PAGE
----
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Mitchell Rister
01-23-2009, 12:28 PM
I have noticed that many people who study aikido have de-emphasized the importance of training In aikido as a practical self defense. They seem to come up with many reasons why they do so, such as the spiritual and philosophical aspects of aikido are more important. I agree that these issues are an invaluable part of aikido, but I also feel that the practical techniques should be heavily emphasized as part of the aikido journey. I hate to see how aikido has become so heavily criticized as being an ineffective martial art. When I see they way that many people train I can see why there are critics.

If I ever have to use Aikido to protect my family or myself, I want it to work.

gdandscompserv
01-23-2009, 12:30 PM
If I ever have to use Aikido to protect my family or myself, I want it to work.
All I can suggest is; if your aikido doesn't work, don't use it!:D

lbb
01-23-2009, 01:12 PM
If I ever have to use Aikido to protect my family or myself, I want it to work.

Well, of course. And if you ever have to use your door locks, or your ability to dial 911, or your simple common sense to protect your family or yourself, I hope those work too.

I think the point that people are making is that a)if you want aikido to work in a self-defense situation, you're going to have to put some real work into your training, and b)if you rely on aikido to save you, but neglect such simple remedies as (for example) not being a butthead and getting into confrontations, it's like grabbing a life vest and then knocking a big hole in the side of your ship.

gregstec
01-23-2009, 01:32 PM
it's like grabbing a life vest and then knocking a big hole in the side of your ship.

Being a boater, I really like the life vest comment. You are absolutely right - just because you have a defense tool does not mean you need to go looking to use it. Physical conflict is the last thing you want to engage during a confrontation - however, if it is thrust upon you, your conditioned training takes over on a subconscious level, you just do not have time to think about. So the more you train, the more you get conditioned and the better you will be able to handle the unexpected, etc.

Greg

Mitchell Rister
01-23-2009, 02:45 PM
Mary,

Thanks for clearing that up for me. As a student of aikido and a boater I realize the importance of wearing a life vest and also not knocking a hole in the side of my boat.

How do you feel when critics say that aikido isn't practical for self-defense? It bothers me when people speak negatively about the art that I have devoted a lot of time to. On the other hand, I have seen some methods of teaching that don’t offer students practical self-defense techniques.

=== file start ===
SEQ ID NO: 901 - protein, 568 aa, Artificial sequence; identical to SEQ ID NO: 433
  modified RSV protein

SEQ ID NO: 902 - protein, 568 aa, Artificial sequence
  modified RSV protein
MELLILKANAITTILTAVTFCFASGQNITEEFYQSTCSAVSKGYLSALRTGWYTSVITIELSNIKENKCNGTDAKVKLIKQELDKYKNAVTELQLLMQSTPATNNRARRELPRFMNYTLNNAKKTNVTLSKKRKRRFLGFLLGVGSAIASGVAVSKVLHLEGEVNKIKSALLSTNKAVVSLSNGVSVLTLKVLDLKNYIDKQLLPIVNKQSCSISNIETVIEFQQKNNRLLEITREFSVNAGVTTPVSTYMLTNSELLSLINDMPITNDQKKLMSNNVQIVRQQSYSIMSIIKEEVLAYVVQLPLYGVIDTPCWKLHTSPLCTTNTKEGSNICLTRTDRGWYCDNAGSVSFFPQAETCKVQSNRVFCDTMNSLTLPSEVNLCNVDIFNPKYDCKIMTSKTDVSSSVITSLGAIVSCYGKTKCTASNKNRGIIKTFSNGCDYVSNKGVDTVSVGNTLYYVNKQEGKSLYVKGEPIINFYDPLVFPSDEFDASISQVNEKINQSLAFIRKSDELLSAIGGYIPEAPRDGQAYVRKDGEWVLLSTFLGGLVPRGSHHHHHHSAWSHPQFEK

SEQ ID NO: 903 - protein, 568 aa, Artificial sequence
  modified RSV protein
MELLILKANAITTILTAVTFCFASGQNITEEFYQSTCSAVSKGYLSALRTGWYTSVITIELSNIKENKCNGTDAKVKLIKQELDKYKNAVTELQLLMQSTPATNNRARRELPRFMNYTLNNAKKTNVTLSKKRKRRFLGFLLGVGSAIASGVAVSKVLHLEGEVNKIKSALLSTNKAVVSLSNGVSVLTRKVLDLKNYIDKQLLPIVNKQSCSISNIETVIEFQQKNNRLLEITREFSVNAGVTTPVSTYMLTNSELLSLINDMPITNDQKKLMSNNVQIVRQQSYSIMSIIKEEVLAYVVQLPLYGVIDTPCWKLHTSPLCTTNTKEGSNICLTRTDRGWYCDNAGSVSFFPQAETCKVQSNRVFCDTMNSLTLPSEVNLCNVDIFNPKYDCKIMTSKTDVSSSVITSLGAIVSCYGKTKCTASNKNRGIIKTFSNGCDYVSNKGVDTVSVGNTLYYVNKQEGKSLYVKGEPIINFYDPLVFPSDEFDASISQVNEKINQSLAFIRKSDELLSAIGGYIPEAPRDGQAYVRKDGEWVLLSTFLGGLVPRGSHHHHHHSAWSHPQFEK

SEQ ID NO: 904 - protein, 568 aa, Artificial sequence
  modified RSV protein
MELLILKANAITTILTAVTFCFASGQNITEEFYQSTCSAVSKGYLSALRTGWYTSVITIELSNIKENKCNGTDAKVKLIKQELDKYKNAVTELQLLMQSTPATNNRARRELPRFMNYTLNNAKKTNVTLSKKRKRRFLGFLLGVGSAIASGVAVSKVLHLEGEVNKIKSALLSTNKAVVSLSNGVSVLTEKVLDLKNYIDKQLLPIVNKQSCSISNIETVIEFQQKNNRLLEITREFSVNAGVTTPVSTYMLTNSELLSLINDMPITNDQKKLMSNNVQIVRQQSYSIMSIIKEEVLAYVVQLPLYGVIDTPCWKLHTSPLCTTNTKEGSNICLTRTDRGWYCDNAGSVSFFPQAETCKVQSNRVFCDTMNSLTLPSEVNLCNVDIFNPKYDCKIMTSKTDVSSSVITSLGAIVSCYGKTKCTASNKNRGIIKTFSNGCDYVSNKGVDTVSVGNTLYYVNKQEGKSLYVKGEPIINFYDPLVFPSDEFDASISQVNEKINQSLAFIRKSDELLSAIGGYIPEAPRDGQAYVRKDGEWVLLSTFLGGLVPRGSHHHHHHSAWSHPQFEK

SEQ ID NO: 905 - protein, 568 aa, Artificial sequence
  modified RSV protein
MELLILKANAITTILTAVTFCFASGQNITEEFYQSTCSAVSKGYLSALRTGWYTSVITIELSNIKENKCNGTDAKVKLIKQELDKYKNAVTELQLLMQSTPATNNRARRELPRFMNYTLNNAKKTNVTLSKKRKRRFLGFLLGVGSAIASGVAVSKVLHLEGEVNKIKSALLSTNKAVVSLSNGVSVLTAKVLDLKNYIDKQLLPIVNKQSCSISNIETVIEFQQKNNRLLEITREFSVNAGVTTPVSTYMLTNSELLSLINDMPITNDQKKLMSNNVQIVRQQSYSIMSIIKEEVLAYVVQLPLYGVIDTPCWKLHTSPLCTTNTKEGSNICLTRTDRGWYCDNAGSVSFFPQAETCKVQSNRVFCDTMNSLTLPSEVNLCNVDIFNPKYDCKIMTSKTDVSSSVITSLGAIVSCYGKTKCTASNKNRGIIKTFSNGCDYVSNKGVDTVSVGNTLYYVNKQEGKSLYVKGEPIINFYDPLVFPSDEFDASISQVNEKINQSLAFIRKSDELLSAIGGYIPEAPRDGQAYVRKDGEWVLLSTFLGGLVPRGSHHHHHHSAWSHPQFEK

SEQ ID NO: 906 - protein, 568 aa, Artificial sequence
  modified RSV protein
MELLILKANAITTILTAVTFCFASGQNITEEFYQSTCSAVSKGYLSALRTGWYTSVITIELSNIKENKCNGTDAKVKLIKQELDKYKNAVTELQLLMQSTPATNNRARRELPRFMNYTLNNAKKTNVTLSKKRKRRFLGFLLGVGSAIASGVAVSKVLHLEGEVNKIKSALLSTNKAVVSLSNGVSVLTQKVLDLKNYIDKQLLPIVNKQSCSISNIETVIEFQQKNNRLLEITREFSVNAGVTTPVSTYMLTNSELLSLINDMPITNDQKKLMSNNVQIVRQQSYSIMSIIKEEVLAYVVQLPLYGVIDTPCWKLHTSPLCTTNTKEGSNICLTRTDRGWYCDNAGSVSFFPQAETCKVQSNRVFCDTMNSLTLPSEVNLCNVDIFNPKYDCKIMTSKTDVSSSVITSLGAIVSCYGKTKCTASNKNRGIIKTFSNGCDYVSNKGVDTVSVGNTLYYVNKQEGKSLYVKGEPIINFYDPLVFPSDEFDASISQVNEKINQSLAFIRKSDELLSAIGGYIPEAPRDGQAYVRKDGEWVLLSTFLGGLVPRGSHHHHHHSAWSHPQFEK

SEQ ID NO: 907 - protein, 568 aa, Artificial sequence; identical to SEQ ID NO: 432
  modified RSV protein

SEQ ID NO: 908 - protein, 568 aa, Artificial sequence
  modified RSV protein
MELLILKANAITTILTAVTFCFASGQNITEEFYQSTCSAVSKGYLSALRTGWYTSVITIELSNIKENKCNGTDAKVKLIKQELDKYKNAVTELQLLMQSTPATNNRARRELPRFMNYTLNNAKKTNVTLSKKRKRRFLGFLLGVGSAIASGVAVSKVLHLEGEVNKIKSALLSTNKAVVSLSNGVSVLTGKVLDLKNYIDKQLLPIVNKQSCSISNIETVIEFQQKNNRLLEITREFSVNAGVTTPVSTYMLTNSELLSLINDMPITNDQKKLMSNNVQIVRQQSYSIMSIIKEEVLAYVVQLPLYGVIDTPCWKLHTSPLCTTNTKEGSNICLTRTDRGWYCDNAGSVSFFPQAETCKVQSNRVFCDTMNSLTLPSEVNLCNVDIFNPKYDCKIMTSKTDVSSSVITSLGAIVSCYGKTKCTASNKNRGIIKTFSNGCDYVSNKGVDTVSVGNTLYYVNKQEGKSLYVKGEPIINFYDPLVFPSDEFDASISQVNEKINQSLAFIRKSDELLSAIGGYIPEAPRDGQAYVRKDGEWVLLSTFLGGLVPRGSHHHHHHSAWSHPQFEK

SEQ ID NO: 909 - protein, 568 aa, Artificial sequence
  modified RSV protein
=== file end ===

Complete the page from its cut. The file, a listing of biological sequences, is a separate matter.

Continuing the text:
Mitch

Michael O'Brien
01-23-2009, 03:05 PM
it's like grabbing a life vest and then knocking a big hole in the side of your ship.

Although this is a cute analogy I don't think it really applies to what he was saying.

I think the point he was making is more "I'm already in the ship and I want to make sure I have a life vest".

Even if you don't go out looking for trouble, sometimes it still manages to find you and you need to be prepared for that, period.

How you can "know" Aikido is going to work for that is a different question. In our dojo some of our classes are very "practical" Aikido oriented where we look at the more how to make sure you can defend yourself options in techniques.

Also, we have an open mat class with no formal instruction where you can just show up and find a partner and train on whatever you want. Those are good times to get a partner, or two, or three and do some freestyle type stuff. Have them attack with punches, kicks, tanto, etc and see how it goes.

Just my .02 worth.

Mike

ChrisHein
01-23-2009, 03:24 PM
I agree with your line of thinking Mitchell.

I also believe in martial arts being trained as, well, Martial.

However what kind of events are you picturing when you think of defending your family?

Are you picturing a scene where some bad guy comes into your home, and you fend him off using kotegaishi?

If you are looking to unarmed means for "self-defense" you are looking in the wrong place. Not with Aikido per say, but with unarmed martial arts period.

Even one of the great MMA fighters would be ill advised to defend his family using unarmed means of "self-defense". Weapon use swings the odds largely in your favor, which is what you want when your loved ones life is on the line.

Most of the people who critique Aikido as a system that doesn't work in a "self-defense" situation, are people who are confused about what a "self-defense" situation is.

Most have this glorified idea that "self-defense" is some kind of magical system that allows one to richeously defend themselves against armed people who are better at fighting, and bigger then they are. Unfortunately there is no such system.

If you are truly interested in defending yourself and your family you should train in weapons. I personally believe that Aikido is one of the best weapon support systems one can train in.

lbb
01-23-2009, 04:16 PM
How do you feel when critics say that aikido isn't practical for self-defense? It bothers me when people speak negatively about the art that I have devoted a lot of time to.

Well, there we differ -- personally, I just don't care. I mean, yeah, I care about aikido too, but I just can't care too much about things that don't affect me, like other people's ignorant statements about aikido. Remember that every time you hear such a statement, you're dealing with someone who can't define "practical", can't define "self-defense", and is incapable of constructing a rigorous argument. It's like wrestling with a pig.

lbb
01-23-2009, 04:22 PM
Physical conflict is the last thing you want to engage during a confrontation - however, if it is thrust upon you, your conditioned training takes over on a subconscious level, you just do not have time to think about.

Or it doesn't. Sometimes people find themselves in situations that they've allegedly trained for, and they freeze. Training isn't always at fault, either -- I've seen people with first aid training who fell apart completely when it got real, while people with identical training did fine. I think a large part of the story is how you approach your training. It's not a matter of fantasizing about the Crack-Crazed Urban Scum -- some people can be in a dojo with nice smooth mats, facing another person wearing funny clothes, and can train with a sense of "realness", while others just don't get to that point. It's not what you're doing, it's how you're doing it.